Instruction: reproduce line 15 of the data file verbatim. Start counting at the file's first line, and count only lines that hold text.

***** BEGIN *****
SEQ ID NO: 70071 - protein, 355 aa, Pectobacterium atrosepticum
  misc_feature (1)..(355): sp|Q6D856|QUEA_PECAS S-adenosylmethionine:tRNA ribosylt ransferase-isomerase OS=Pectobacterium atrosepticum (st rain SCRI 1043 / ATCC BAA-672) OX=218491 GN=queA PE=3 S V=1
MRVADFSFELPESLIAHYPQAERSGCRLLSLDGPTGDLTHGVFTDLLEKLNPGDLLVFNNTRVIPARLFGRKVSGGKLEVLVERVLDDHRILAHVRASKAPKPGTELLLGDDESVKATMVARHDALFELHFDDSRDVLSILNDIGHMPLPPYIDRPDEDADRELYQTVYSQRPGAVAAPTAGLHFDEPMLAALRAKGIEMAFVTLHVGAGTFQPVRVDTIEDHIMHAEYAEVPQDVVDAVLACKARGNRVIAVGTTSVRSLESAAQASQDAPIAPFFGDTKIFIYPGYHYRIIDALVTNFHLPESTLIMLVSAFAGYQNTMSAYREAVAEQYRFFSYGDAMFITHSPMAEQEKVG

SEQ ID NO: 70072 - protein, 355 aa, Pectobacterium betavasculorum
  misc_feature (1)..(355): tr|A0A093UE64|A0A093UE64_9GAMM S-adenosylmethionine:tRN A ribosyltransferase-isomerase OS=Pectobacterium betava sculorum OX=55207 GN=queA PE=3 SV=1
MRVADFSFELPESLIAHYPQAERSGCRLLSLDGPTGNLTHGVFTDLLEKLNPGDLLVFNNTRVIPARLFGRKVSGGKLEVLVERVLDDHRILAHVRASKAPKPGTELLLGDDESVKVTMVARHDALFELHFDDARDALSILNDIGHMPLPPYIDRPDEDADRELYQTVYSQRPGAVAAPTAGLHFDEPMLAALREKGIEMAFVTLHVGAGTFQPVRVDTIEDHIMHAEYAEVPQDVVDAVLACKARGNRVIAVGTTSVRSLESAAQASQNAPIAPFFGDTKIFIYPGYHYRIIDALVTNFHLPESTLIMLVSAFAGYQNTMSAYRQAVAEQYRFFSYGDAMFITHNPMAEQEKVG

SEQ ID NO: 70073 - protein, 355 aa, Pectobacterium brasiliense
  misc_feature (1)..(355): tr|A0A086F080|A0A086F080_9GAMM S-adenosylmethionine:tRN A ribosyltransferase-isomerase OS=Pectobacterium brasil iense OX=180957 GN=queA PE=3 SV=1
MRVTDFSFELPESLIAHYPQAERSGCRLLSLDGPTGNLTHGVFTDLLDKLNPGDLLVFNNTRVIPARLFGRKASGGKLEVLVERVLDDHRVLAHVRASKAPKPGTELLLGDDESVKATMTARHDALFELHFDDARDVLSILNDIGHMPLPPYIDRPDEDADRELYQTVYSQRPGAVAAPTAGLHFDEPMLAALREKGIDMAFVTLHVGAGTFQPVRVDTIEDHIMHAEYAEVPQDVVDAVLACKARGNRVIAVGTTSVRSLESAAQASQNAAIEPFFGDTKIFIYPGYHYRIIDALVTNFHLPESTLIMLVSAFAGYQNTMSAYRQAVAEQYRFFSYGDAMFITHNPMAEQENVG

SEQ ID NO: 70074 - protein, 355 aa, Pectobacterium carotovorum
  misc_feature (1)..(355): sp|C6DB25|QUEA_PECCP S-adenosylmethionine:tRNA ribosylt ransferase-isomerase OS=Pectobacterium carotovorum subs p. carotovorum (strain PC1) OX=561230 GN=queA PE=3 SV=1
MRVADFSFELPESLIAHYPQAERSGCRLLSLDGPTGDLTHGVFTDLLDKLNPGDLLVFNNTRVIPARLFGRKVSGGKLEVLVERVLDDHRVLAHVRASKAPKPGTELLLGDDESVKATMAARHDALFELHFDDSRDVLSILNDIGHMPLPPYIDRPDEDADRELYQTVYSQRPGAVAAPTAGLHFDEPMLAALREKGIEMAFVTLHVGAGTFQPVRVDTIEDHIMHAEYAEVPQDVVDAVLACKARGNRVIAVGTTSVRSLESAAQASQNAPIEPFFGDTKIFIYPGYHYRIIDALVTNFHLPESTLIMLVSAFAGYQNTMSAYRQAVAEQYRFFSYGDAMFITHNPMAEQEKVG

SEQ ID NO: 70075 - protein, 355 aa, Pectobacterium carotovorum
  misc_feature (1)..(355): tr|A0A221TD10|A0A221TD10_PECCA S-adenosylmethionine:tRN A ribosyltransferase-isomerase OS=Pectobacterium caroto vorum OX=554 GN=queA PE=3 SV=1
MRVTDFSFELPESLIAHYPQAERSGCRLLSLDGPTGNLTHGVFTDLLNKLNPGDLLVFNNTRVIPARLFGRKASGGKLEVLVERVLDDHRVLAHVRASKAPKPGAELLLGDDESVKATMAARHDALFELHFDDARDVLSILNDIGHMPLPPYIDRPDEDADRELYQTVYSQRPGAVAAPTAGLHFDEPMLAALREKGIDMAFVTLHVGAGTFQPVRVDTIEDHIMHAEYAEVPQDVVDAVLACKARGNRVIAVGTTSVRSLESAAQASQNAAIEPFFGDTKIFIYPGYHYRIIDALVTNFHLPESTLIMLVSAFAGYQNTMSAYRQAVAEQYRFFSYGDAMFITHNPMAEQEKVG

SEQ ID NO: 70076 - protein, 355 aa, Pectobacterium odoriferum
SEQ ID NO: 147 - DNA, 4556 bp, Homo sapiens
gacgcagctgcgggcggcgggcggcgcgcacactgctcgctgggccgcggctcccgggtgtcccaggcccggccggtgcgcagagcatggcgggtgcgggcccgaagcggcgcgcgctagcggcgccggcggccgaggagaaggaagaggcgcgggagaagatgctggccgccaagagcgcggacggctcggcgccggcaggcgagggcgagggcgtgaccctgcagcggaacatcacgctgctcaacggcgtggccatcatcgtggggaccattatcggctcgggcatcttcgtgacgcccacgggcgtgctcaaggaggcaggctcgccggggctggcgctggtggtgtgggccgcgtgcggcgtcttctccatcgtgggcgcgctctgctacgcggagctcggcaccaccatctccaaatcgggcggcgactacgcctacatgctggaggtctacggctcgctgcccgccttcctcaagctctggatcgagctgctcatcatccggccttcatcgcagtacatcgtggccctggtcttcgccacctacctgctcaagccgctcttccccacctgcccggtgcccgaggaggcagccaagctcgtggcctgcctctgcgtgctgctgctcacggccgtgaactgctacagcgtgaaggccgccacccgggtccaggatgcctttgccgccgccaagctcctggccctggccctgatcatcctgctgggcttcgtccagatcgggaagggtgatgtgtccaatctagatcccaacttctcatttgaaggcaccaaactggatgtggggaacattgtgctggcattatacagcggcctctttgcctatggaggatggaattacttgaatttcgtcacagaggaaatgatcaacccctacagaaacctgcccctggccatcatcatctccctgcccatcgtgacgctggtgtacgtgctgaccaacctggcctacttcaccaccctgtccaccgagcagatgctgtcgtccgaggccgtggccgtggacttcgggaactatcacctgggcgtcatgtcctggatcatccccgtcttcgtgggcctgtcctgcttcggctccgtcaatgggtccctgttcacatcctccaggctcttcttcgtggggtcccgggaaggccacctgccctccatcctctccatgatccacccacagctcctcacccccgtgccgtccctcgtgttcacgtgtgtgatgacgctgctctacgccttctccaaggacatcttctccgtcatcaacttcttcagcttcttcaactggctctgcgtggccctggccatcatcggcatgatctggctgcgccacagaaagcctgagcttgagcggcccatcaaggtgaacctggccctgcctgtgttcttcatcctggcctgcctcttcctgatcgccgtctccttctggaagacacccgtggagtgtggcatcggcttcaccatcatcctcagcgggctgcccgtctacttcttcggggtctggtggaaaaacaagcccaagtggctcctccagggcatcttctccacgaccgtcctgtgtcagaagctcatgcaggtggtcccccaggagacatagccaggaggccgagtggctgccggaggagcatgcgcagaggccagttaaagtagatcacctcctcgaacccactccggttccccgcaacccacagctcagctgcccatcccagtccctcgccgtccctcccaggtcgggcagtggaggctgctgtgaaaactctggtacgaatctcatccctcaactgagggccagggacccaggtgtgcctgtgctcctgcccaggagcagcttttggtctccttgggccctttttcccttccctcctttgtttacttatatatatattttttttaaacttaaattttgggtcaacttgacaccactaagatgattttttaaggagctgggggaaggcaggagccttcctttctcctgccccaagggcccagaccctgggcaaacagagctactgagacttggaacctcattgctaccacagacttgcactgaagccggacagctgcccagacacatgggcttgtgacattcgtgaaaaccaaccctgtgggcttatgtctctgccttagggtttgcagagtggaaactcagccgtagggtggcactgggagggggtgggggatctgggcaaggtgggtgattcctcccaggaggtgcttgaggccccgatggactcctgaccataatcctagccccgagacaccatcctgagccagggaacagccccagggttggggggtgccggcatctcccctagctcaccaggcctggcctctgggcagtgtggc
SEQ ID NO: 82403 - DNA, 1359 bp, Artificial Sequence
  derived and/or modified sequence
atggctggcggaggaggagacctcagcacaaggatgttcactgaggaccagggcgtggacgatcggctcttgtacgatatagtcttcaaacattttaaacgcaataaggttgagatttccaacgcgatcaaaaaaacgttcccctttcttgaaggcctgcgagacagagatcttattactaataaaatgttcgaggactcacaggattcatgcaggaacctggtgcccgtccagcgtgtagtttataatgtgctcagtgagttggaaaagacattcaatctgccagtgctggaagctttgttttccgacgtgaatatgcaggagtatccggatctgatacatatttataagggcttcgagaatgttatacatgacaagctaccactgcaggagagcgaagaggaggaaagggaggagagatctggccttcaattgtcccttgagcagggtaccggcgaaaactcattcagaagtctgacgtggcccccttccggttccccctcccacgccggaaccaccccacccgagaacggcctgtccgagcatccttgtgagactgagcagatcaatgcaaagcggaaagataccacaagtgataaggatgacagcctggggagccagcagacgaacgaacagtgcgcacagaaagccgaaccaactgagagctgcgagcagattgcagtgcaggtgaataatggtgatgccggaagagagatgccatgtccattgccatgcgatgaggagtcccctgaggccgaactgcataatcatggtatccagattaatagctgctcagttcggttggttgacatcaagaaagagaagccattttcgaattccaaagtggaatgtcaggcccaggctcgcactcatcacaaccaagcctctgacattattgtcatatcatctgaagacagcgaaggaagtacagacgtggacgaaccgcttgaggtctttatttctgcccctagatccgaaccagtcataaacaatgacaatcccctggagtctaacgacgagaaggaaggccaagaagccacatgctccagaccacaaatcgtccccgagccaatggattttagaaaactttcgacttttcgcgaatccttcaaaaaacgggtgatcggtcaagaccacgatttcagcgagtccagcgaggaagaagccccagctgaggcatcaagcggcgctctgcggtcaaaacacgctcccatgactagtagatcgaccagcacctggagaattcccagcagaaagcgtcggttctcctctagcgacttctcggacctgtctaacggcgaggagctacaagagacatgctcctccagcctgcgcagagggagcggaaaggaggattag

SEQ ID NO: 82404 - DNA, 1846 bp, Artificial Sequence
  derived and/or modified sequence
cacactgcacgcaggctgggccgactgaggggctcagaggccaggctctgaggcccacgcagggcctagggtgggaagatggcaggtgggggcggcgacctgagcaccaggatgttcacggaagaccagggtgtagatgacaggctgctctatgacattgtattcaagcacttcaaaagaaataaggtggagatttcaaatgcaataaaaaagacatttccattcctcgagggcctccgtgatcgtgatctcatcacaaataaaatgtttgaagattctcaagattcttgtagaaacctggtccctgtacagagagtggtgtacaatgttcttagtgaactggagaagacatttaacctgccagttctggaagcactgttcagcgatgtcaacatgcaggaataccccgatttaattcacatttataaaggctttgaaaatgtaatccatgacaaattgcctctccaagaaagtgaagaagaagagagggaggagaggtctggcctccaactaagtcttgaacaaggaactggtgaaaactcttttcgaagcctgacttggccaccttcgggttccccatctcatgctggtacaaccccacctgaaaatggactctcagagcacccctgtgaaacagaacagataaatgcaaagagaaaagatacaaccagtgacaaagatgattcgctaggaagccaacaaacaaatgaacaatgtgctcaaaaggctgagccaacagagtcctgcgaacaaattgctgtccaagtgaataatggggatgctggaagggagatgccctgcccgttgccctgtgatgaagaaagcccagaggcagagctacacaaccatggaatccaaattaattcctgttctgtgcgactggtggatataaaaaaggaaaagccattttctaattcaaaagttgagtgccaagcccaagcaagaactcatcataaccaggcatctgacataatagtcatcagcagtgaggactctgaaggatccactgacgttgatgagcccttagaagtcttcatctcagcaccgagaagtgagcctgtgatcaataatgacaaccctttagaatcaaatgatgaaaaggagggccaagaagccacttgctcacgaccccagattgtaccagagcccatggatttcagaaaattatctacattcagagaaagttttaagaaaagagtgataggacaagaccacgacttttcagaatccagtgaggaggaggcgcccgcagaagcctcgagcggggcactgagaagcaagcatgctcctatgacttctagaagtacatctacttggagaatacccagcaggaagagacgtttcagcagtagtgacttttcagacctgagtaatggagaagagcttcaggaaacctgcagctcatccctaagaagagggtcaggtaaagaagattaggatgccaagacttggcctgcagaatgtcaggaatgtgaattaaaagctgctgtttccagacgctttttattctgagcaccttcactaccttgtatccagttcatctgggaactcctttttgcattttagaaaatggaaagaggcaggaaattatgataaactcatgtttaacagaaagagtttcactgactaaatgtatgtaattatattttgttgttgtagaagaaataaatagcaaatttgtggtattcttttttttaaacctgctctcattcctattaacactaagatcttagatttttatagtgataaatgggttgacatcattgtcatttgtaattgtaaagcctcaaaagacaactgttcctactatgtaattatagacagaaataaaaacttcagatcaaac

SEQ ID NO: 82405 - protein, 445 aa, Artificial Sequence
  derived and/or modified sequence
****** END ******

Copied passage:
MRVTDFSFELPESLIAHYPQAERSGCRLLSLDGPTGNLTHGVFTDLLNKLNPGDLLVFNNTRVIPARLFGRKASGGKLEVLVERVLDDHRVLAHVRASKAPKPGAELLLGDDESVKATMAARHDALFELHFDDARDVLSILNDIGHMPLPPYIDRPDEDADRELYQTVYSQRPGAVAAPTAGLHFDEPMLAALREKGIDMAFVTLHVGAGTFQPVRVDTIEDHIMHAEYAEVPQDVVDAVLACKARGNRVIAVGTTSVRSLESAAQASQNAAIEPFFGDTKIFIYPGYHYRIIDALVTNFHLPESTLIMLVSAFAGYQNTMSAYRQAVAEQYRFFSYGDAMFITHNPMAEQEKVG